They last a lifetime and they never change. Fingerprints, irises and even gaits (as in walking) are immutable, if you discount the use of surgery. That is what makes them such reliable identifiers and the basis of different biometric security systems. From science fiction and spy films, we now have smartphones (iPhones for example) that have integrated fingerprint recognition. Users no longer have to remember or reset those ID/PIN combinations. Yet recently, hackers recently stole a file with 5.6 million fingerprints of US government employees. And of course, unlike ID/PIN combinations, those fingerprints cannot be reset. Now what?
The lure of fingerprint-activated access is strong. iPhones may have led the way, but Android (the Marshmallow version) is hot on its heels making the same security system available for all apps that run on it. The idea is to make life easier for users. Yet if those fingerprints are hacked, the systems they control are exposed. The only possibility is then to change the access control to something else, and to take fingerprints out of the equation. Attempts to move over to iris recognition (ambitious) or gait recognition (even more ambitious) would suffer from the same basic problem. These identifiers cannot be changed, but digital records of them can still be stolen or compromised.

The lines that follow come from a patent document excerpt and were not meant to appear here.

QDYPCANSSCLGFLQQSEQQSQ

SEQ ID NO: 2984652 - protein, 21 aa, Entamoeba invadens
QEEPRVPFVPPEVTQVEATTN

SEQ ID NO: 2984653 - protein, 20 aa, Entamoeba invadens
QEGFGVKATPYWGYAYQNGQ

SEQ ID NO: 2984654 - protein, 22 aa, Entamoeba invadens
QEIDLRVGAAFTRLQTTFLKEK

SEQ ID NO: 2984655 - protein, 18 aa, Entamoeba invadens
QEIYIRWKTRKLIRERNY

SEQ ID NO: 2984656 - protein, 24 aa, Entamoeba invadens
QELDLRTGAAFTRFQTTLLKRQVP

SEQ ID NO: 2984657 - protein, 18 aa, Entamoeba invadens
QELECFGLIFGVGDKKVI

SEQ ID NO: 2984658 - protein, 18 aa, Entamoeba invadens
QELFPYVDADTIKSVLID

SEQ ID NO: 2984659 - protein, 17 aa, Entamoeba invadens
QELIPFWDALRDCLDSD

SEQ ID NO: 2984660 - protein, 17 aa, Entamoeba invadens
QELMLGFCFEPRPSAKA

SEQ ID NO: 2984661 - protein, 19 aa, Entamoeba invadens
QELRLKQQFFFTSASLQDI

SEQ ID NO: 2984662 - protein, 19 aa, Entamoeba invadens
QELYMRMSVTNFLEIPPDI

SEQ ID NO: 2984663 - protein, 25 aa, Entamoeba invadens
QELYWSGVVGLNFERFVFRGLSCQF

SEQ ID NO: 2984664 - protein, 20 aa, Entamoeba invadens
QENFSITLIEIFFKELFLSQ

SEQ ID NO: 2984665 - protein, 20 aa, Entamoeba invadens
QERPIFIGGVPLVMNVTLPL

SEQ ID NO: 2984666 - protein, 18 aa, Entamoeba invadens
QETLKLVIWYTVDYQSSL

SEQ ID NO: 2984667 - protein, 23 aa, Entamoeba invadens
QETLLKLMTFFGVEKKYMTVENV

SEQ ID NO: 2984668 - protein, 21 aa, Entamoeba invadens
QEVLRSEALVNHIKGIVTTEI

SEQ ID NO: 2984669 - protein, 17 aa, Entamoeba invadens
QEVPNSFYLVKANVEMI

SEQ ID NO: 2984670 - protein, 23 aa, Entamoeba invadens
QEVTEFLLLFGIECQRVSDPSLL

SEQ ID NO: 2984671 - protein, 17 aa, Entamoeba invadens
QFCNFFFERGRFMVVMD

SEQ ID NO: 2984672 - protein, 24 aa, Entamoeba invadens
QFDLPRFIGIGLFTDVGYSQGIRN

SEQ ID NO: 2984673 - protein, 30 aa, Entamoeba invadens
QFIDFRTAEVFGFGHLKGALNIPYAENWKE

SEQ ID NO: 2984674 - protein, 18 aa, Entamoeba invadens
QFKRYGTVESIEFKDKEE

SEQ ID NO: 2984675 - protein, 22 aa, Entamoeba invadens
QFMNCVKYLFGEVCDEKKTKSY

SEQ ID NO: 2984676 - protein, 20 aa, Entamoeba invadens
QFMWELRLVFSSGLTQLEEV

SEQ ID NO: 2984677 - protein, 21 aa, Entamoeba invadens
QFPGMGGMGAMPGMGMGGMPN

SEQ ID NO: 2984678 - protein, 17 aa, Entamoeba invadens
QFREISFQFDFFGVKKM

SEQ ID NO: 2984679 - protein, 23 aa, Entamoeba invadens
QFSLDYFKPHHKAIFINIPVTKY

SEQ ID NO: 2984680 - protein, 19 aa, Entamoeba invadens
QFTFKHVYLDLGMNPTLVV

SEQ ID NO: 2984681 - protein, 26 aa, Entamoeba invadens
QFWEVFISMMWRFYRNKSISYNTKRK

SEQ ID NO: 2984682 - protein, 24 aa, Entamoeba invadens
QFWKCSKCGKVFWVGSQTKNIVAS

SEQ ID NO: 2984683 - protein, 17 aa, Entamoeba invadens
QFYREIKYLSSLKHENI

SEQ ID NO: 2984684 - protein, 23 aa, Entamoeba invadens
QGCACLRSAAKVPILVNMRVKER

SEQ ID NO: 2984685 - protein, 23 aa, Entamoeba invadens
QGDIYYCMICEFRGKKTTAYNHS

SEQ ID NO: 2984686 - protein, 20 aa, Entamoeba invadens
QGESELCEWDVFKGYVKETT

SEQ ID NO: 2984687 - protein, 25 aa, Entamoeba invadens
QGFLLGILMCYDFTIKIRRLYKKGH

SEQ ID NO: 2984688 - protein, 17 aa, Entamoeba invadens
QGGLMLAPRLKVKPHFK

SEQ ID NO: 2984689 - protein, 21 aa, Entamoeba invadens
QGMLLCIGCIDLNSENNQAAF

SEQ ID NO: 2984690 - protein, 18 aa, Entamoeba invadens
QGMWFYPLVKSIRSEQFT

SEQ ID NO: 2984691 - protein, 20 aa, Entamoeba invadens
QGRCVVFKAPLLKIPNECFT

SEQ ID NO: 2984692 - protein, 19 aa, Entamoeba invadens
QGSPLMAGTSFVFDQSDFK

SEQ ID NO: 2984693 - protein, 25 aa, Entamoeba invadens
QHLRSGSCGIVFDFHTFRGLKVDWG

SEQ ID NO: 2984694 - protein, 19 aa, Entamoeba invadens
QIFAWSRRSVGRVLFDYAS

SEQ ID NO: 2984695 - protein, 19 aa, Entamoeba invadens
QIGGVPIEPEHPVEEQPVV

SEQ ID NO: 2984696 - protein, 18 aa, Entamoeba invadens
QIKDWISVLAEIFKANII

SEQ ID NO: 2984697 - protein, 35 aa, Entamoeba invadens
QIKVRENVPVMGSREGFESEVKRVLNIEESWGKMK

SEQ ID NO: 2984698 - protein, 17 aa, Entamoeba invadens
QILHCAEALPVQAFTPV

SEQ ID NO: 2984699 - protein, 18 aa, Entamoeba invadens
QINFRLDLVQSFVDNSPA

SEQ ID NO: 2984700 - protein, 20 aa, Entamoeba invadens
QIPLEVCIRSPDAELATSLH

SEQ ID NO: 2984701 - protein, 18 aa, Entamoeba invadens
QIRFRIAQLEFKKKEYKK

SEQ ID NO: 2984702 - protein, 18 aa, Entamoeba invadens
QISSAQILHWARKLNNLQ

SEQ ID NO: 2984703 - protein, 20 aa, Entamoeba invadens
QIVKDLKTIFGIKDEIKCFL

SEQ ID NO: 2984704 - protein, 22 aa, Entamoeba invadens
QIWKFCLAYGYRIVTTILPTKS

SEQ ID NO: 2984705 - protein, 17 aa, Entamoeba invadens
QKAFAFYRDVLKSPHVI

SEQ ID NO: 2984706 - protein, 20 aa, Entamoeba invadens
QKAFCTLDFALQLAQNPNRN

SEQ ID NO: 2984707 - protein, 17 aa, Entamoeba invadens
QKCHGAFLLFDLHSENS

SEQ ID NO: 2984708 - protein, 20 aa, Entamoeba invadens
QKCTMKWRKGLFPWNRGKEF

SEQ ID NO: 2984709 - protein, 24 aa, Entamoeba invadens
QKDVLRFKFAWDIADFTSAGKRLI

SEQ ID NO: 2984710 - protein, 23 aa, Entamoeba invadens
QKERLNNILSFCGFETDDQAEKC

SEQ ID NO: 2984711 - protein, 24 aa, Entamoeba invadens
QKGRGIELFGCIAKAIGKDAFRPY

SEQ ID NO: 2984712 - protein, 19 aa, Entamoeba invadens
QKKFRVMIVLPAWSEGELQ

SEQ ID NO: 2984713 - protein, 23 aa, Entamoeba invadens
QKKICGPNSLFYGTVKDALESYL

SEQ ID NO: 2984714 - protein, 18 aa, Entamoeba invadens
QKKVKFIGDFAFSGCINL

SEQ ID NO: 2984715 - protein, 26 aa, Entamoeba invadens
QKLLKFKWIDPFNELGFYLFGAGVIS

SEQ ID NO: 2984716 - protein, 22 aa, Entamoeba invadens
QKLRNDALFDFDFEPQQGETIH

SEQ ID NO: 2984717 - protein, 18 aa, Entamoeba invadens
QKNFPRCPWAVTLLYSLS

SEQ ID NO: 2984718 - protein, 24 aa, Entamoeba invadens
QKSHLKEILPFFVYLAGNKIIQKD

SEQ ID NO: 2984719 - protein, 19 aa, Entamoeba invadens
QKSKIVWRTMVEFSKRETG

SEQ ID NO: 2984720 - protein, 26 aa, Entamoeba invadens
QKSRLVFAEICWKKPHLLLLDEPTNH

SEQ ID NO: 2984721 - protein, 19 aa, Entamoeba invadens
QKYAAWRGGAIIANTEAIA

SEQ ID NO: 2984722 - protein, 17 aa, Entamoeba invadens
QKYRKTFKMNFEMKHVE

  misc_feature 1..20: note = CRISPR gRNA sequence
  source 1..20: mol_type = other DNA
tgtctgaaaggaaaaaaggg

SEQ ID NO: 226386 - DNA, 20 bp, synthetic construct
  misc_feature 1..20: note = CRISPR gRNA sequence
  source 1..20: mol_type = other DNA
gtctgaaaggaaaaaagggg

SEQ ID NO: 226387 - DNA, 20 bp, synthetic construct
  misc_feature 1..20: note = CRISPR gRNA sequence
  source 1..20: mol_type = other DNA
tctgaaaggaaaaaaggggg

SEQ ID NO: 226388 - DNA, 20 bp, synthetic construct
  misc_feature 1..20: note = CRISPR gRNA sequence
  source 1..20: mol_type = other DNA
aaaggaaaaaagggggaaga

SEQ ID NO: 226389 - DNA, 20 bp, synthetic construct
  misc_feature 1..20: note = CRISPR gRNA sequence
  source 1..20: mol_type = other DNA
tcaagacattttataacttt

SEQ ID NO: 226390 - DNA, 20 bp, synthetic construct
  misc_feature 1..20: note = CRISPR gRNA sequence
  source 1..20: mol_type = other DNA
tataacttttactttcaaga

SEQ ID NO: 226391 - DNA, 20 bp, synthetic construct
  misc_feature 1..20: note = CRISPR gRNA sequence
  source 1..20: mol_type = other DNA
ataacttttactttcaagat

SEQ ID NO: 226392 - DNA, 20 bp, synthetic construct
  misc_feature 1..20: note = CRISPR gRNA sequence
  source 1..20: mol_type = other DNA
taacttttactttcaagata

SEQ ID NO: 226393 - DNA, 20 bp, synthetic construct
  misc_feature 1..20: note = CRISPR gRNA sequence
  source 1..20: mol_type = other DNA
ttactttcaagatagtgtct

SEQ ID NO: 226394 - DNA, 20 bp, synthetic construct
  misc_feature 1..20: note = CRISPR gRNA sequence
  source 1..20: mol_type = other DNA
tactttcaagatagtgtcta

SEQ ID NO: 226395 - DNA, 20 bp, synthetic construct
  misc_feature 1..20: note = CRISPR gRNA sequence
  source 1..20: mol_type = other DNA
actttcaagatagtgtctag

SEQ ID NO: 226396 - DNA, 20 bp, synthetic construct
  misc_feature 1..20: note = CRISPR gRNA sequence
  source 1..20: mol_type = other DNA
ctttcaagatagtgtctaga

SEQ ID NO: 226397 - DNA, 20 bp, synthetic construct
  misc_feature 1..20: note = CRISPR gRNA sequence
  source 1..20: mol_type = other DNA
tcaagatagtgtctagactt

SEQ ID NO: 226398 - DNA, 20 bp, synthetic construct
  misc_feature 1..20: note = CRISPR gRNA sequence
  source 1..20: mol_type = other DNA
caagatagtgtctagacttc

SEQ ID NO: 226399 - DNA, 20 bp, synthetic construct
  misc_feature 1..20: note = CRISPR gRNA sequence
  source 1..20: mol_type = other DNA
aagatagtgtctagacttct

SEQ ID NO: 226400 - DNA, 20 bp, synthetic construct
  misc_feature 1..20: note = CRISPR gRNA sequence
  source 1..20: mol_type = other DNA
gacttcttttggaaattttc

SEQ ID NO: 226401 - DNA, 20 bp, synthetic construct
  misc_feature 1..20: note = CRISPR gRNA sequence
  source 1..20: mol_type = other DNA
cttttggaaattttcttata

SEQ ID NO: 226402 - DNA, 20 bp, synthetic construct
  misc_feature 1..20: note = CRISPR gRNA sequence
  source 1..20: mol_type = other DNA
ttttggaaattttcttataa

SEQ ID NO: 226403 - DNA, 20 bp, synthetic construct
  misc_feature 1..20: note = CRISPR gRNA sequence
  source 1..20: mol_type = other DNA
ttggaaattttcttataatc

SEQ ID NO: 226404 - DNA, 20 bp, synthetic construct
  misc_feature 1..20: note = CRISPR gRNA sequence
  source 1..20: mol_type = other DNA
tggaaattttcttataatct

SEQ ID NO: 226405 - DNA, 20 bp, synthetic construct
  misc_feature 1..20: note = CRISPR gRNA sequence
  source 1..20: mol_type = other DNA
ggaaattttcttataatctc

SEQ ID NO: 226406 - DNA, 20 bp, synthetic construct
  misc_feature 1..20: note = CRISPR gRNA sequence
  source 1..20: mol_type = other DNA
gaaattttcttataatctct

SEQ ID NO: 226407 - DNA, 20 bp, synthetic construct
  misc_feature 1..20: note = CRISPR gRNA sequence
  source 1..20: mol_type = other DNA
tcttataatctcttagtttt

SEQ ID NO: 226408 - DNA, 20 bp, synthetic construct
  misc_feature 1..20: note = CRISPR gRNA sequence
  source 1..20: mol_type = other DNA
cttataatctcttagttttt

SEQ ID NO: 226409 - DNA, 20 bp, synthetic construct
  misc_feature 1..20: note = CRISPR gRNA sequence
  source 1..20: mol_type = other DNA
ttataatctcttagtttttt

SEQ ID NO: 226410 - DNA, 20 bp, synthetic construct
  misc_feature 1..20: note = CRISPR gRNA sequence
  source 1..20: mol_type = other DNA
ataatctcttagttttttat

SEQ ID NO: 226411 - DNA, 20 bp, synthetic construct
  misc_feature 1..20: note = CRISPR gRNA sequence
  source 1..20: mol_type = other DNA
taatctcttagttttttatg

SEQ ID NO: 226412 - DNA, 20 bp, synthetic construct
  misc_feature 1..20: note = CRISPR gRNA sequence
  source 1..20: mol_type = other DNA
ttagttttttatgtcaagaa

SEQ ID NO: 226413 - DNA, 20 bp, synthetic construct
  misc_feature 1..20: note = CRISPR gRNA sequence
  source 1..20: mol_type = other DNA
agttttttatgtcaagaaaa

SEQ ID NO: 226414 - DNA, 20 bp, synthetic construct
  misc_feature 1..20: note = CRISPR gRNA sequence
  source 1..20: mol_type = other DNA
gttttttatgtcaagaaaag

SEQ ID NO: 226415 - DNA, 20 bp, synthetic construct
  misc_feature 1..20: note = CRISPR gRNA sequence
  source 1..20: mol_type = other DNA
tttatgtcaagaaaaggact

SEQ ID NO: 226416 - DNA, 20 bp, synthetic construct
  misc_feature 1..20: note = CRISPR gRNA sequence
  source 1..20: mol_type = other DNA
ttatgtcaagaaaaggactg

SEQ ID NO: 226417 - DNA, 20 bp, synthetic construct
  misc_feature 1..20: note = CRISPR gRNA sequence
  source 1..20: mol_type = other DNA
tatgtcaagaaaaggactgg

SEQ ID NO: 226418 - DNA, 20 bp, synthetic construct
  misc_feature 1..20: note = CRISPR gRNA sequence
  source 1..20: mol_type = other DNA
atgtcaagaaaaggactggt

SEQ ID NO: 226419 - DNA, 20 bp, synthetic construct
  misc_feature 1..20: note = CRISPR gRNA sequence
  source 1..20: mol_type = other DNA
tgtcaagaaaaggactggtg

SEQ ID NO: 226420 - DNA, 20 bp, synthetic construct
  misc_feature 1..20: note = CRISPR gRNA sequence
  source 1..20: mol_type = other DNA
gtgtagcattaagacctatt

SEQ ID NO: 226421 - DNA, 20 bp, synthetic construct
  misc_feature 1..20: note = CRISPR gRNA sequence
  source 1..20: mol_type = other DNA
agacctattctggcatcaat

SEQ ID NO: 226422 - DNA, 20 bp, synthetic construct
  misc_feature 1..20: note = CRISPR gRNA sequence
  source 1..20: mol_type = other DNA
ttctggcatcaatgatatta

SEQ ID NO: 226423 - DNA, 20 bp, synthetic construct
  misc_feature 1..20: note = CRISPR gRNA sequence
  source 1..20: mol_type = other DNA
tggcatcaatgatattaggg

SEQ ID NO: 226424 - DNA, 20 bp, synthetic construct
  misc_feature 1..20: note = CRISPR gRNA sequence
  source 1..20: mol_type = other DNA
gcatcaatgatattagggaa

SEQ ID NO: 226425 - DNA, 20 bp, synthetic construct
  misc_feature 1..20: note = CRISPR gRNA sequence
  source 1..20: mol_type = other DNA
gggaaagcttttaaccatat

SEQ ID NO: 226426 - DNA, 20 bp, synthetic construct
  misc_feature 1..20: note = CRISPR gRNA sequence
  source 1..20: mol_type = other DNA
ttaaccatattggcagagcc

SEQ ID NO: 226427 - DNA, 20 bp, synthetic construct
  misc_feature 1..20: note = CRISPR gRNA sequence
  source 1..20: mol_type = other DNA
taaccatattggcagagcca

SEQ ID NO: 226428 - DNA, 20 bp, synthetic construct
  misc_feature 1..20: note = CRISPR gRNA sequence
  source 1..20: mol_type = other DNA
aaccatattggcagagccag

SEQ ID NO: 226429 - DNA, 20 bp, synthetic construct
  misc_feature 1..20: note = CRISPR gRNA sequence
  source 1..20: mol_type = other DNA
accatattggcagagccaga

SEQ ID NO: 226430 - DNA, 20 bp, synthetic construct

The idea of giving up security for more comfort has a strange echo in Benjamin Franklin’s words of a few hundred years ago, when he declared that someone who sacrifices freedom for security deserves neither. He approached the matter from another angle, but a person who sacrifices security for comfort may deserve neither, either. In the end, good security is based on good processes, and technologies such as biometric recognition, PINs and passwords are simply tools to help those processes work. Those who focus on fingerprints and fingerprint recognition (for instance) as the be-all and end-all of security are missing the point.